For an assassin who’s touted as the best around (commanding a price of $2 million a day to take out a potential corporate whistleblower), Trevor Conrad (Ethan Hawke) doesn’t seem all that impressive during the first half-hour of the silly thriller 24 Hours to Live. He’s so bad at his job, actually, that he straight up gets himself killed at the hands of Interpol agent Lin Bisset (Xu Qing), and not even after a long and exhaustive chase. Luckily, Trevor’s employer, nefarious military contractor Red Mountain, has developed a top-secret procedure that can somehow resurrect the dead for a period of 24 hours, which allows Trevor the extra lifespan referred to in the movie’s title.
Trevor was already pretty mopey for a hitman, mourning the deaths of his wife and son and only reluctantly agreeing to the standard one last job. Getting killed and brought back to life just makes him crankier, and he turns against his employers, helping Lin and former Red Mountain employee Keith Zera (Tyrone Keough) expose the company’s secrets before the digital display implanted in his arm counts down to zero and he expires. That involves some standard action-movie car chases, stand-offs and fight scenes, which director Brian Smrz, a veteran stunt coordinator, stages competently but forgettably.
An international co-production that brings together a semi-bankable American star (Hawke) with a semi-bankable Chinese star (Xu) and sets most of its action in South Africa, 24 Hours seems designed to fulfill minimum investor requirements more than any creative ambitions, pulling together elements from the John Wick, Crank and Taken movies, all of which appealed to audiences around the globe. Smrz and the team of screenwriters can’t come up with anything as stylish as John Wick, as nutso as Crank or as well-acted as Taken, although Hawke does his best to bring some depth and soulfulness to the grieving, haunted Trevor.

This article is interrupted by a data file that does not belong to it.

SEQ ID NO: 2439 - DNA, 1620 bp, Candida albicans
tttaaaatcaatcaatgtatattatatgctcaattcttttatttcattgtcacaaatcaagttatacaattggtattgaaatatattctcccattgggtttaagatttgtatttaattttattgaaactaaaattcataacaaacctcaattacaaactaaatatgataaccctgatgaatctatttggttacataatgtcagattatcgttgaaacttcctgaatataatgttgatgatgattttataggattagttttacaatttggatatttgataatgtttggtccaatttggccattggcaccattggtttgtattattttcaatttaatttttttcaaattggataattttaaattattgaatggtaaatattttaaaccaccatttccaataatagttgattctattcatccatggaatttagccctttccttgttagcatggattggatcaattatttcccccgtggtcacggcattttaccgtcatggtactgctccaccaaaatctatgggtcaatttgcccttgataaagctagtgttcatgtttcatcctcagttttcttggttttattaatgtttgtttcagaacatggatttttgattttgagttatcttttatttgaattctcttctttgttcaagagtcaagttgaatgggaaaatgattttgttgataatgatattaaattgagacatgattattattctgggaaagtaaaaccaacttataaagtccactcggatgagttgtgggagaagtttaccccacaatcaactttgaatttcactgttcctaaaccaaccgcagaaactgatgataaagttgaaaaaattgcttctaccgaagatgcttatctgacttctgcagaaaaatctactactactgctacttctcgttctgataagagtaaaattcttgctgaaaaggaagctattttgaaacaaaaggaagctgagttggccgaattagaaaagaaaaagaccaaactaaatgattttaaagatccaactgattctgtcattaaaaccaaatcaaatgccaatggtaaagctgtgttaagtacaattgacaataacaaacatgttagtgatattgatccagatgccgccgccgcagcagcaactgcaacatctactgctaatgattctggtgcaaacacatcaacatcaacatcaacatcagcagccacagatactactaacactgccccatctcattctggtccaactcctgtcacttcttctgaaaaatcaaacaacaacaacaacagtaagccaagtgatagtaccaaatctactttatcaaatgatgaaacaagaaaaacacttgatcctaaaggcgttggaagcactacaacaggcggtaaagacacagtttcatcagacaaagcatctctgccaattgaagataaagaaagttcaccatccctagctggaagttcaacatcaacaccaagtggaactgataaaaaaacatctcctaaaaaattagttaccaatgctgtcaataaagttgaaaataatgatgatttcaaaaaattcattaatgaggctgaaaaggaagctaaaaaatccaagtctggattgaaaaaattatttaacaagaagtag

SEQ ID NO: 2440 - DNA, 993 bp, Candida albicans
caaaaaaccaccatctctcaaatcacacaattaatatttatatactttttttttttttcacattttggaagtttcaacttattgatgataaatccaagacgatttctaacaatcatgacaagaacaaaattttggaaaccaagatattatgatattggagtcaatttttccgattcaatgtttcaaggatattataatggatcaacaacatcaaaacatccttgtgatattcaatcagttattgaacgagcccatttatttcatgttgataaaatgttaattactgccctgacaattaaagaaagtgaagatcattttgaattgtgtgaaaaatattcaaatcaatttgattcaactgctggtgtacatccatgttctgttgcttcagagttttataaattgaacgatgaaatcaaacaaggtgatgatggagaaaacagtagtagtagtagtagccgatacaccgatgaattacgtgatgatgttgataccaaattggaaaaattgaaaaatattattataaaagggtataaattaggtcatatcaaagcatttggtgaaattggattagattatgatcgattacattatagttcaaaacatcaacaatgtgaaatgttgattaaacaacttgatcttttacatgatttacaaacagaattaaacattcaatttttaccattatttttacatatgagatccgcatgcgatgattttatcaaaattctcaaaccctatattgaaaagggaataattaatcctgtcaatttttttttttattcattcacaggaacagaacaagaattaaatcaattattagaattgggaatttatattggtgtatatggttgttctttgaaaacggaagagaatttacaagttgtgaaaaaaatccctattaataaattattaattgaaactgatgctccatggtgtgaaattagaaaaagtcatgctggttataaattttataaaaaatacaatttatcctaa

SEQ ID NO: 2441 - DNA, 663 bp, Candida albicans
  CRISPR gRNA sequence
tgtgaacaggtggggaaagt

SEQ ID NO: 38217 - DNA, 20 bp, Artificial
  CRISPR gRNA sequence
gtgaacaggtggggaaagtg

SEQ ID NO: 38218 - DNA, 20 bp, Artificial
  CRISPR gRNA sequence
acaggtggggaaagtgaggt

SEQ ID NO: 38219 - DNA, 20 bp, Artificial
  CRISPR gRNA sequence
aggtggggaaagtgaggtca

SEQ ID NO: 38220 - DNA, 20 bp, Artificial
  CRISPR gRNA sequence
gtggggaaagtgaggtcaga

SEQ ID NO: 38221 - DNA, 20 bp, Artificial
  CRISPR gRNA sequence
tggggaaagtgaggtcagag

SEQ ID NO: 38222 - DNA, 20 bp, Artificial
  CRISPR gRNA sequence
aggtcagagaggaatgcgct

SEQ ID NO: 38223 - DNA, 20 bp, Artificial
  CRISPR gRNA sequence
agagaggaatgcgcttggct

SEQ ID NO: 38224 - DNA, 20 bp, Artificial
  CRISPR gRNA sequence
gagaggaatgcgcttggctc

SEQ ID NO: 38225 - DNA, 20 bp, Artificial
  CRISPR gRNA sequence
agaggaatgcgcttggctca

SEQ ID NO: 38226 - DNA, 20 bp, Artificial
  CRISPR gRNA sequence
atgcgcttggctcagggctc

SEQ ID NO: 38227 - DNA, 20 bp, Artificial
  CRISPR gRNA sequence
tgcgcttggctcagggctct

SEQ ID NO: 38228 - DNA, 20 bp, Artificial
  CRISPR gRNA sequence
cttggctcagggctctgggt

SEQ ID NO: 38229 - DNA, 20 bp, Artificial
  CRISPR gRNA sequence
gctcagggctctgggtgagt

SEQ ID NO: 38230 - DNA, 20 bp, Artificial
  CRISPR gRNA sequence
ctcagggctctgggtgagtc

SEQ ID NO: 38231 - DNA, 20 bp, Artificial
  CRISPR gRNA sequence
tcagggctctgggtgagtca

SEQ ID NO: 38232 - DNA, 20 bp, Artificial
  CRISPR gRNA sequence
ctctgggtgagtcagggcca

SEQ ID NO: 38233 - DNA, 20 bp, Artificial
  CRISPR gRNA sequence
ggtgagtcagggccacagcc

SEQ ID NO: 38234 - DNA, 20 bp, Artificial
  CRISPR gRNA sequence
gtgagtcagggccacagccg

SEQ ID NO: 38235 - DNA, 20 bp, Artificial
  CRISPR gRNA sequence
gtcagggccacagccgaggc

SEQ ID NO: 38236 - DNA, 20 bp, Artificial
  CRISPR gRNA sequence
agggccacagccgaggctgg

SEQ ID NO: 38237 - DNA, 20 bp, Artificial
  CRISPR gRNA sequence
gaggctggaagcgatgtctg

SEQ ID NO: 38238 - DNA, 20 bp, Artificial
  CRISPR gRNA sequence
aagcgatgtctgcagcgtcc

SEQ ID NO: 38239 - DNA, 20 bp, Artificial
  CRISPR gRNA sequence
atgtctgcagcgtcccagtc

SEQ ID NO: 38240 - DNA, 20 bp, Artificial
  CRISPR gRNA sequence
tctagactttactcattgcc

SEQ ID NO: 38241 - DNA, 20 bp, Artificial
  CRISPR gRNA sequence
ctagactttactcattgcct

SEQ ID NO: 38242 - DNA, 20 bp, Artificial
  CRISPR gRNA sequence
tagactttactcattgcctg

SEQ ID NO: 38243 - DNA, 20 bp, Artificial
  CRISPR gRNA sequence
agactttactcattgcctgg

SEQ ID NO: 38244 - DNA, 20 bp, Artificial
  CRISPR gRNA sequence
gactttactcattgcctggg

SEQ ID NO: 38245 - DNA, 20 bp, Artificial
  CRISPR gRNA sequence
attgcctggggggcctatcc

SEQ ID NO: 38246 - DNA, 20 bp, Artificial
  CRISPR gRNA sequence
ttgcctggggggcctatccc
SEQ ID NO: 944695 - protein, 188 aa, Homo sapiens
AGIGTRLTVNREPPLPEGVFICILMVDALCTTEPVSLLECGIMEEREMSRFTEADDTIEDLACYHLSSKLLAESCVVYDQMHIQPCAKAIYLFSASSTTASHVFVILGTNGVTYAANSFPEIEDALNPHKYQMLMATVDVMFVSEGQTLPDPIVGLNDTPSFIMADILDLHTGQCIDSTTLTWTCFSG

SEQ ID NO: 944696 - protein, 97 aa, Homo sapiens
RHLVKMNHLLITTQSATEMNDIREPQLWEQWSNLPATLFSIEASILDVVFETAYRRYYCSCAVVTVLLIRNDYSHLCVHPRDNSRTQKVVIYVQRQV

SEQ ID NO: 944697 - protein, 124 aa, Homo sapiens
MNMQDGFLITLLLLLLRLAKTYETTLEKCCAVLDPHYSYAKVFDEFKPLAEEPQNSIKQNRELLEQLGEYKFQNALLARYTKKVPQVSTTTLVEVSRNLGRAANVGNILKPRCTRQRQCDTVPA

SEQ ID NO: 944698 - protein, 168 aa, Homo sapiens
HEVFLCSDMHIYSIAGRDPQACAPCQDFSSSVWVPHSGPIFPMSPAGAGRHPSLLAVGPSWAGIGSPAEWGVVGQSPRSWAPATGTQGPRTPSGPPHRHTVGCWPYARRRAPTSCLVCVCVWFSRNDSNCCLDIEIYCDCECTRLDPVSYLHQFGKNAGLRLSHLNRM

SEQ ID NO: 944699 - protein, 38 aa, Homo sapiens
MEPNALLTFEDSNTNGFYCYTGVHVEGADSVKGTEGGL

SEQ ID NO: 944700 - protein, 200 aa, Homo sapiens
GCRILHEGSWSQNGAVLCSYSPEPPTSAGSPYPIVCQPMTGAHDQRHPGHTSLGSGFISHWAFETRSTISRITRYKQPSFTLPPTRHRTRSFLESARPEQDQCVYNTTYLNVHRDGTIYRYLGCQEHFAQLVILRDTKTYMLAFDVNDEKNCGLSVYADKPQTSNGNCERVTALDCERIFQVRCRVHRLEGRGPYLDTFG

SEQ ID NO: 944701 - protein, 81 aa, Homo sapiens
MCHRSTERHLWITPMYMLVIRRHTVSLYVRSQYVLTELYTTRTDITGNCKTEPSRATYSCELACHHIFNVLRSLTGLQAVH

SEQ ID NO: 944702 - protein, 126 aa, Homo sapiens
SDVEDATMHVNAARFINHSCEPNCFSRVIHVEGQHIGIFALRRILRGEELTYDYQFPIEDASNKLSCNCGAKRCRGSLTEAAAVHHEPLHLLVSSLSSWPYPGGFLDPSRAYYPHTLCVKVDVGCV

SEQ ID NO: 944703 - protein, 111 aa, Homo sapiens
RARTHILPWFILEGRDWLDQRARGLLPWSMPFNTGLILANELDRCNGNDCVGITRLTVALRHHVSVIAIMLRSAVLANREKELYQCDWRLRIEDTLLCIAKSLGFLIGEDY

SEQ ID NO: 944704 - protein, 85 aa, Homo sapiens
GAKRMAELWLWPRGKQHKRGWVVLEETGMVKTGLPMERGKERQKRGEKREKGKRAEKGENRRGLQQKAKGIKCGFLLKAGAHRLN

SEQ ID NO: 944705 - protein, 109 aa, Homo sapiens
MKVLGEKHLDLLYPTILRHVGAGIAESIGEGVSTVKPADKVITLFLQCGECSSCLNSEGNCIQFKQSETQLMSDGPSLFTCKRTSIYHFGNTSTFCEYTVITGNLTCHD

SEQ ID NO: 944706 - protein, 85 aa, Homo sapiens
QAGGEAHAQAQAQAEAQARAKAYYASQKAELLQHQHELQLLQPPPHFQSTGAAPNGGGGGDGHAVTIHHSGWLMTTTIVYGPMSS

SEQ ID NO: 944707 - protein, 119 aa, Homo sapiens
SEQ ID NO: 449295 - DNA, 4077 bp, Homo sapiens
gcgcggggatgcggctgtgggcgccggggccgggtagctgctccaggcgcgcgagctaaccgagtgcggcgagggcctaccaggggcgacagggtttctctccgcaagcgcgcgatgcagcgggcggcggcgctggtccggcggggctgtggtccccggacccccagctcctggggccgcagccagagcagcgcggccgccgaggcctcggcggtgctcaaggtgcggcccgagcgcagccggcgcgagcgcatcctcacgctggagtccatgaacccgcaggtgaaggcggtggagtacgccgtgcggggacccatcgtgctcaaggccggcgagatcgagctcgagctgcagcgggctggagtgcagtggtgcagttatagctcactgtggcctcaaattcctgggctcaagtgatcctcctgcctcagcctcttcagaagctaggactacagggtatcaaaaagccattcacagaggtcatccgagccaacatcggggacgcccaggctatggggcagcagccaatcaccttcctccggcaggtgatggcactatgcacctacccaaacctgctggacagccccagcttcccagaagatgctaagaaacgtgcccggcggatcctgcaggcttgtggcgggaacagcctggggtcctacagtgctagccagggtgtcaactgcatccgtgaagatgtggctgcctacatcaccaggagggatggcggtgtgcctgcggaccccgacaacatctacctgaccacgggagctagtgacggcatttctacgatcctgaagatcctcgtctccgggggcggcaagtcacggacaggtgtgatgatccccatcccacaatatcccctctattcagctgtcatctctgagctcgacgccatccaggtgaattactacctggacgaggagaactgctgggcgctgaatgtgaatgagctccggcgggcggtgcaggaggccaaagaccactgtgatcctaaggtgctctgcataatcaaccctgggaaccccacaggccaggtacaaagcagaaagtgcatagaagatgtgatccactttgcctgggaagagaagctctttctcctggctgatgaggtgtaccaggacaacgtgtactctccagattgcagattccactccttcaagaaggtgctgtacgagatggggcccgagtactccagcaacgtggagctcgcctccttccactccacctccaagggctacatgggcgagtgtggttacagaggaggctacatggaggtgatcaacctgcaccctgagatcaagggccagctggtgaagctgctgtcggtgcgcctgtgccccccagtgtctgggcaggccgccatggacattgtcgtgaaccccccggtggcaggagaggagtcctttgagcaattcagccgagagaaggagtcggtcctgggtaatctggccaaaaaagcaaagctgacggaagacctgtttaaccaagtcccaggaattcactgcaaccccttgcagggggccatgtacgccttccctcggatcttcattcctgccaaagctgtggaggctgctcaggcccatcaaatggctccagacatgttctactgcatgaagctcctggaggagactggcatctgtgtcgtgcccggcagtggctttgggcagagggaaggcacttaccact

He’s not much of an action star, though, and he has almost no chemistry with Xu, who also struggles with her character’s heartstring-tugging back story (she’s the one stuck with the Taken riff, as Red Mountain eventually kidnaps her young son). Rutger Hauer shows up in a handful of scenes as Trevor’s grizzled father-in-law, and he gets one amusingly badass moment toward the end of the movie, but he’s mostly wasted in a movie that could have used more of a sense of humor about itself. Even the ridiculous-looking digital clock stuck in Trevor’s arm is played completely straight.
The carnage and property damage escalates to typically absurd heights as Trevor closes in on Red Mountain’s sinister CEO (Game of Thrones’ Liam Cunningham) and the handler (Paul Anderson) whom Trevor previously believed was his best friend. The narrative arc of betrayal and revenge is pretty undercooked, and the literal countdown to Trevor’s demise removes a lot of potential tension and suspense. Hawke provides some spark to his stock action-hero character, but that never extends to the rest of the movie.